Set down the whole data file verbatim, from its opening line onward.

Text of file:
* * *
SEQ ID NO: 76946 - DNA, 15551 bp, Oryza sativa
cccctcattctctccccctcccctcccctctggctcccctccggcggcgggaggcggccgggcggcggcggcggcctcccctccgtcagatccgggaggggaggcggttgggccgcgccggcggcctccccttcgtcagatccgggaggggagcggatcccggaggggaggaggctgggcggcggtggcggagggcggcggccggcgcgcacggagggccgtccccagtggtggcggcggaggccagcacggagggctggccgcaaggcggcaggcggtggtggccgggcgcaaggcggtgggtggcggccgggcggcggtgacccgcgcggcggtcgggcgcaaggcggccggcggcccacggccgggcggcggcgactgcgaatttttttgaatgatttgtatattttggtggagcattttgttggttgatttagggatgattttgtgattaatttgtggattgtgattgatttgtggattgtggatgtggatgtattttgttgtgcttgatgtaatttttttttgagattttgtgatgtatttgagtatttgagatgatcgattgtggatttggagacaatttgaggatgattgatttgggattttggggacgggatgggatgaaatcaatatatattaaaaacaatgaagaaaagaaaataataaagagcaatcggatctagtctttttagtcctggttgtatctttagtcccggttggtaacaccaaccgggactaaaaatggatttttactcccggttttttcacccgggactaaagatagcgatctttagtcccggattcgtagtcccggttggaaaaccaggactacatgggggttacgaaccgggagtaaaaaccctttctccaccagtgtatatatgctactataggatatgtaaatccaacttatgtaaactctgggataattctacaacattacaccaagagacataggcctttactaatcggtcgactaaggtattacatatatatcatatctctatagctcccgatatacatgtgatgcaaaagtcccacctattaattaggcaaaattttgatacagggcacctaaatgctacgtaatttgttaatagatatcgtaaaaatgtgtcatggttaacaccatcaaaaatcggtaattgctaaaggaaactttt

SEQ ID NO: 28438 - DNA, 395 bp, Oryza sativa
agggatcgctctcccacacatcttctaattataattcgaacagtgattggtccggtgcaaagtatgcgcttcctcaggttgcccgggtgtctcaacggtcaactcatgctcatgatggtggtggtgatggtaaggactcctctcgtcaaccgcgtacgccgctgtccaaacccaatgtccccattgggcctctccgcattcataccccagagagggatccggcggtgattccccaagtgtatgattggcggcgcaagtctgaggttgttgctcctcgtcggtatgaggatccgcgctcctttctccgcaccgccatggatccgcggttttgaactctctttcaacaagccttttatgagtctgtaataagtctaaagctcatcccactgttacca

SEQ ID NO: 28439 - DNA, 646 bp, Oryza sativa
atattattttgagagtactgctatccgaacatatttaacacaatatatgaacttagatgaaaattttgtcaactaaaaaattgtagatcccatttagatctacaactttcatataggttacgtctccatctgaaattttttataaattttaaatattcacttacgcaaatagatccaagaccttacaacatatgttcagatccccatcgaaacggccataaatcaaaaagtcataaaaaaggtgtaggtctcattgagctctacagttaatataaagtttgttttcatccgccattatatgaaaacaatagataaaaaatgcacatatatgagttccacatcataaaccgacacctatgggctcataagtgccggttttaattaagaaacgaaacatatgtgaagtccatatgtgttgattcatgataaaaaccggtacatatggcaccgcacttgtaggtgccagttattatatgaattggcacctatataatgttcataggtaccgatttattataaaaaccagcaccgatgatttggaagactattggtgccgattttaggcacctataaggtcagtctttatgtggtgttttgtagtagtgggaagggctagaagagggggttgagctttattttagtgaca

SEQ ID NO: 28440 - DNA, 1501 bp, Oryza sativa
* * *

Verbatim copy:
SEQ ID NO: 76946 - DNA, 15551 bp, Oryza sativa
cccctcattctctccccctcccctcccctctggctcccctccggcggcgggaggcggccgggcggcggcggcggcctcccctccgtcagatccgggaggggaggcggttgggccgcgccggcggcctccccttcgtcagatccgggaggggagcggatcccggaggggaggaggctgggcggcggtggcggagggcggcggccggcgcgcacggagggccgtccccagtggtggcggcggaggccagcacggagggctggccgcaaggcggcaggcggtggtggccgggcgcaaggcggtgggtggcggccgggcggcggtgacccgcgcggcggtcgggcgcaaggcggccggcggcccacggccgggcggcggcgactgcgaatttttttgaatgatttgtatattttggtggagcattttgttggttgatttagggatgattttgtgattaatttgtggattgtgattgatttgtggattgtggatgtggatgtattttgttgtgcttgatgtaatttttttttgagattttgtgatgtatttgagtatttgagatgatcgattgtggatttggagacaatttgaggatgattgatttgggattttggggacgggatgggatgaaatcaatatatattaaaaacaatgaagaaaagaaaataataaagagcaatcggatctagtctttttagtcctggttgtatctttagtcccggttggtaacaccaaccgggactaaaaatggatttttactcccggttttttcacccgggactaaagatagcgatctttagtcccggattcgtagtcccggttggaaaaccaggactacatgggggttacgaaccgggagtaaaaaccctttctccaccagtgtatatatgctactataggatatgtaaatccaacttatgtaaactctgggataattctacaacattacaccaagagacataggcctttactaatcggtcgactaaggtattacatatatatcatatctctatagctcccgatatacatgtgatgcaaaagtcccacctattaattaggcaaaattttgatacagggcacctaaatgctacgtaatttgttaatagatatcgtaaaaatgtgtcatggttaacaccatcaaaaatcggtaattgctaaaggaaactttt

SEQ ID NO: 28438 - DNA, 395 bp, Oryza sativa
agggatcgctctcccacacatcttctaattataattcgaacagtgattggtccggtgcaaagtatgcgcttcctcaggttgcccgggtgtctcaacggtcaactcatgctcatgatggtggtggtgatggtaaggactcctctcgtcaaccgcgtacgccgctgtccaaacccaatgtccccattgggcctctccgcattcataccccagagagggatccggcggtgattccccaagtgtatgattggcggcgcaagtctgaggttgttgctcctcgtcggtatgaggatccgcgctcctttctccgcaccgccatggatccgcggttttgaactctctttcaacaagccttttatgagtctgtaataagtctaaagctcatcccactgttacca

SEQ ID NO: 28439 - DNA, 646 bp, Oryza sativa
atattattttgagagtactgctatccgaacatatttaacacaatatatgaacttagatgaaaattttgtcaactaaaaaattgtagatcccatttagatctacaactttcatataggttacgtctccatctgaaattttttataaattttaaatattcacttacgcaaatagatccaagaccttacaacatatgttcagatccccatcgaaacggccataaatcaaaaagtcataaaaaaggtgtaggtctcattgagctctacagttaatataaagtttgttttcatccgccattatatgaaaacaatagataaaaaatgcacatatatgagttccacatcataaaccgacacctatgggctcataagtgccggttttaattaagaaacgaaacatatgtgaagtccatatgtgttgattcatgataaaaaccggtacatatggcaccgcacttgtaggtgccagttattatatgaattggcacctatataatgttcataggtaccgatttattataaaaaccagcaccgatgatttggaagactattggtgccgattttaggcacctataaggtcagtctttatgtggtgttttgtagtagtgggaagggctagaagagggggttgagctttattttagtgaca

SEQ ID NO: 28440 - DNA, 1501 bp, Oryza sativa